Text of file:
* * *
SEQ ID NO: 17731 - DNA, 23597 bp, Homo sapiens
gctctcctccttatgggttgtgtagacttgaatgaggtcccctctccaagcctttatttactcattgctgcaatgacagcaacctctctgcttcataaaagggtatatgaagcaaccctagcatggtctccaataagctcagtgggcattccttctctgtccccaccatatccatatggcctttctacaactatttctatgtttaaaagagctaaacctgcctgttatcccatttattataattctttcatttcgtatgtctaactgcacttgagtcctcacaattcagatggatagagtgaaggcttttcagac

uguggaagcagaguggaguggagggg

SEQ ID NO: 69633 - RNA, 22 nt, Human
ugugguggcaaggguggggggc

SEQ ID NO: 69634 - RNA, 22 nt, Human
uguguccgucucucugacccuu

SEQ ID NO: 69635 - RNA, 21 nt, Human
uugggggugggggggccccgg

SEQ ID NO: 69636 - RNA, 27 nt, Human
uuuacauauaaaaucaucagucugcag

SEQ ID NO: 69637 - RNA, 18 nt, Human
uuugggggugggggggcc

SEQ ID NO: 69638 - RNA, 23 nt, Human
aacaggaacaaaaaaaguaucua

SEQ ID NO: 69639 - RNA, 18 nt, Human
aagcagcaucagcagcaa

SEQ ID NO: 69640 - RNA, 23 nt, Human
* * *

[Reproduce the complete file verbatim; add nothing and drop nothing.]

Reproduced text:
SEQ ID NO: 17731 - DNA, 23597 bp, Homo sapiens
gctctcctccttatgggttgtgtagacttgaatgaggtcccctctccaagcctttatttactcattgctgcaatgacagcaacctctctgcttcataaaagggtatatgaagcaaccctagcatggtctccaataagctcagtgggcattccttctctgtccccaccatatccatatggcctttctacaactatttctatgtttaaaagagctaaacctgcctgttatcccatttattataattctttcatttcgtatgtctaactgcacttgagtcctcacaattcagatggatagagtgaaggcttttcagac

uguggaagcagaguggaguggagggg

SEQ ID NO: 69633 - RNA, 22 nt, Human
ugugguggcaaggguggggggc

SEQ ID NO: 69634 - RNA, 22 nt, Human
uguguccgucucucugacccuu

SEQ ID NO: 69635 - RNA, 21 nt, Human
uugggggugggggggccccgg

SEQ ID NO: 69636 - RNA, 27 nt, Human
uuuacauauaaaaucaucagucugcag

SEQ ID NO: 69637 - RNA, 18 nt, Human
uuugggggugggggggcc

SEQ ID NO: 69638 - RNA, 23 nt, Human
aacaggaacaaaaaaaguaucua

SEQ ID NO: 69639 - RNA, 18 nt, Human
aagcagcaucagcagcaa

SEQ ID NO: 69640 - RNA, 23 nt, Human